The question that everyone has been asking when inquiring about Bound by Flame has been “What is the combat system like?” To put it simply, I would describe it as being fun, strategic, and a little difficult if you are not paying close attention to what you are doing. Bound by Flame is not a game where you can run into a large group of enemies and just hack-and-slash your way to victory with no second thought. In fact, that is the easiest way to find yourself dying quicker than the amount of time it took you to run into them.
Strategically using your assortment of combat abilities and weapons is the most vital aspect of winning against even the most mundane battles with mobs of weak Deadwalkers and beasts roaming the land. You can freely choose between a sword, axe, hammer, daggers, a crossbow, explosive traps, and fire magic to help you get the upper hand on enemies. Bound by Flame is packed full of different mob level enemies that all have different attack patterns and special abilities. As you progress, you will have to learn their patterns and what weapons are most useful against them or accept your inevitable fate as becoming one of the undead.
The strategy required to defeat the many different beasts and Deadwalkers increases tenfold when you encounter a boss fight. Spiders did a great job when designing their terrifying set of bosses. Each major boss fight was incredibly unique when compared to the previous boss you encountered. Not only are each of them horrifyingly creepy looking, but they also all have different combat styles as well. If you are anything like me, you will find yourself dying often each time you encounter a boss until you can finally develop a well-oiled strategy. Often the most rewarding part of defeating a boss was the feeling of satisfaction from working out the perfect strategy.
Based on how I described the combat system, you may think that it will be really hard, but that really isn’t the case. I have never been a fan of hard games, and Bound by Flame never felt like it was approaching that territory. I always felt like I was just one second or one move away from figuring out how to kill each enemy or boss. This caused me to immediately jump back in and try a different strategy until I could finally work it out.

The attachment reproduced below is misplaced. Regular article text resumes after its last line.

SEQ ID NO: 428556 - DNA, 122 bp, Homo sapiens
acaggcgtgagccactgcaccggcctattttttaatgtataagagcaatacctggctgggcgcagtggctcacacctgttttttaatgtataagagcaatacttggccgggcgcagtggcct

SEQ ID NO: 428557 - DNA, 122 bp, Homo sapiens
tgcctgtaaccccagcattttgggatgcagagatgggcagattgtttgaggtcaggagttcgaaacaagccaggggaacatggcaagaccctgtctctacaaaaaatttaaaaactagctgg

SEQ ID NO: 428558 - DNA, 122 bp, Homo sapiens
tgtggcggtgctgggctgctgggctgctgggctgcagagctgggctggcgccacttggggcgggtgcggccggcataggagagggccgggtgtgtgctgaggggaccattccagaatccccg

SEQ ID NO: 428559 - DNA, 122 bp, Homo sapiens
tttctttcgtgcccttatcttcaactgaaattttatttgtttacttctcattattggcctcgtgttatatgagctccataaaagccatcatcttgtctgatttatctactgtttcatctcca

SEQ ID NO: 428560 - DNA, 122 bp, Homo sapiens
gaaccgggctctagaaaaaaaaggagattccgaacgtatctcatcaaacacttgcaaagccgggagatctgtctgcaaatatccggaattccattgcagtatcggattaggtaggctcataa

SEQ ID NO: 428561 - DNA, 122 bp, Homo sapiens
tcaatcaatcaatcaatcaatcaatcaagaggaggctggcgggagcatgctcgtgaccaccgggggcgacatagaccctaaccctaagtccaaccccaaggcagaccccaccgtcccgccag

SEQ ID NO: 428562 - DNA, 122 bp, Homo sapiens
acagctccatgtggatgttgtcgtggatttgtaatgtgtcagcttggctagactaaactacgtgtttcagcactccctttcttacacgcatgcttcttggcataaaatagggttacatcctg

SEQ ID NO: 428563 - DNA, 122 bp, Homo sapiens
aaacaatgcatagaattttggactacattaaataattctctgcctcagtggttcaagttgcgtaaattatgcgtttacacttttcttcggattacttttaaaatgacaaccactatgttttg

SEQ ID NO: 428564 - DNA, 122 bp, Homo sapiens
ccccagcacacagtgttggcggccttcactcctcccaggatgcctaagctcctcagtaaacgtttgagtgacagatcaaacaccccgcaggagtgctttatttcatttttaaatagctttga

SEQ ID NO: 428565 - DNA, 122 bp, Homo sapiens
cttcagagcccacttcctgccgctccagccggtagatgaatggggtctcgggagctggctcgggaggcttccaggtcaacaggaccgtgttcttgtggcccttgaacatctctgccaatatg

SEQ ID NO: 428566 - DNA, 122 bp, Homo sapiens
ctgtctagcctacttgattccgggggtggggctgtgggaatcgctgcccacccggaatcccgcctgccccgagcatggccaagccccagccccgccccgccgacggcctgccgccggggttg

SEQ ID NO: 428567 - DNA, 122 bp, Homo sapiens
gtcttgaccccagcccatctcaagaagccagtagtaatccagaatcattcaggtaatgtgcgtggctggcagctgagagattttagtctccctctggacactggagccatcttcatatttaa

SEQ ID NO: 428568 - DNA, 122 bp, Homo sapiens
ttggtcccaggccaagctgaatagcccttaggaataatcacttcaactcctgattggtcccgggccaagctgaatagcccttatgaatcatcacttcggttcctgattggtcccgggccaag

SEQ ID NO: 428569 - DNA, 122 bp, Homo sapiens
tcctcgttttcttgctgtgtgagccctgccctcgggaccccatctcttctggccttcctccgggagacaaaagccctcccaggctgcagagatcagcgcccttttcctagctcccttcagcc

Armor and weapon customization will often determine whether you live or die in any given skirmish. Bound by Flame has an incredibly deep loot system which lets you use just about any item you find to upgrade your equipment. These upgrades will not only add statistic boosts like attack power or physical resistance, but they will also completely change the way that specific piece of equipment looks. Needless to say, it was awesome to see Vulcan go from having raggedy amor in the beginning to looking like he could rule the world by the end. Aside from the huge variety of cosmetic differences in weapons and armor, you will want to pay close attention to each statistic you are upgrading because some will prove to be your best weapon against certain enemies, while others will be your Achilles’ Heel.
The leveling system and skill trees are very straight forward and include no real surprises or innovation when compared to other RPGs. Vulcan gains experience and levels up by defeating enemies. After leveling up, you can choose to put skill points in any of the three available skill trees: a heavy weapon warrior skill tree, a dagger and crossbow ranger skill tree, and the Demon’s fire magic skill tree. On top of that, you will also have the ability to use an additional skill point on a passive skill that can improve things like how often you find ingredients or how much items will cost at a merchant. Nothing really crazy stood out about the leveling or skill trees, but it was well done all the same.
The Verdict: 9.0 out of 10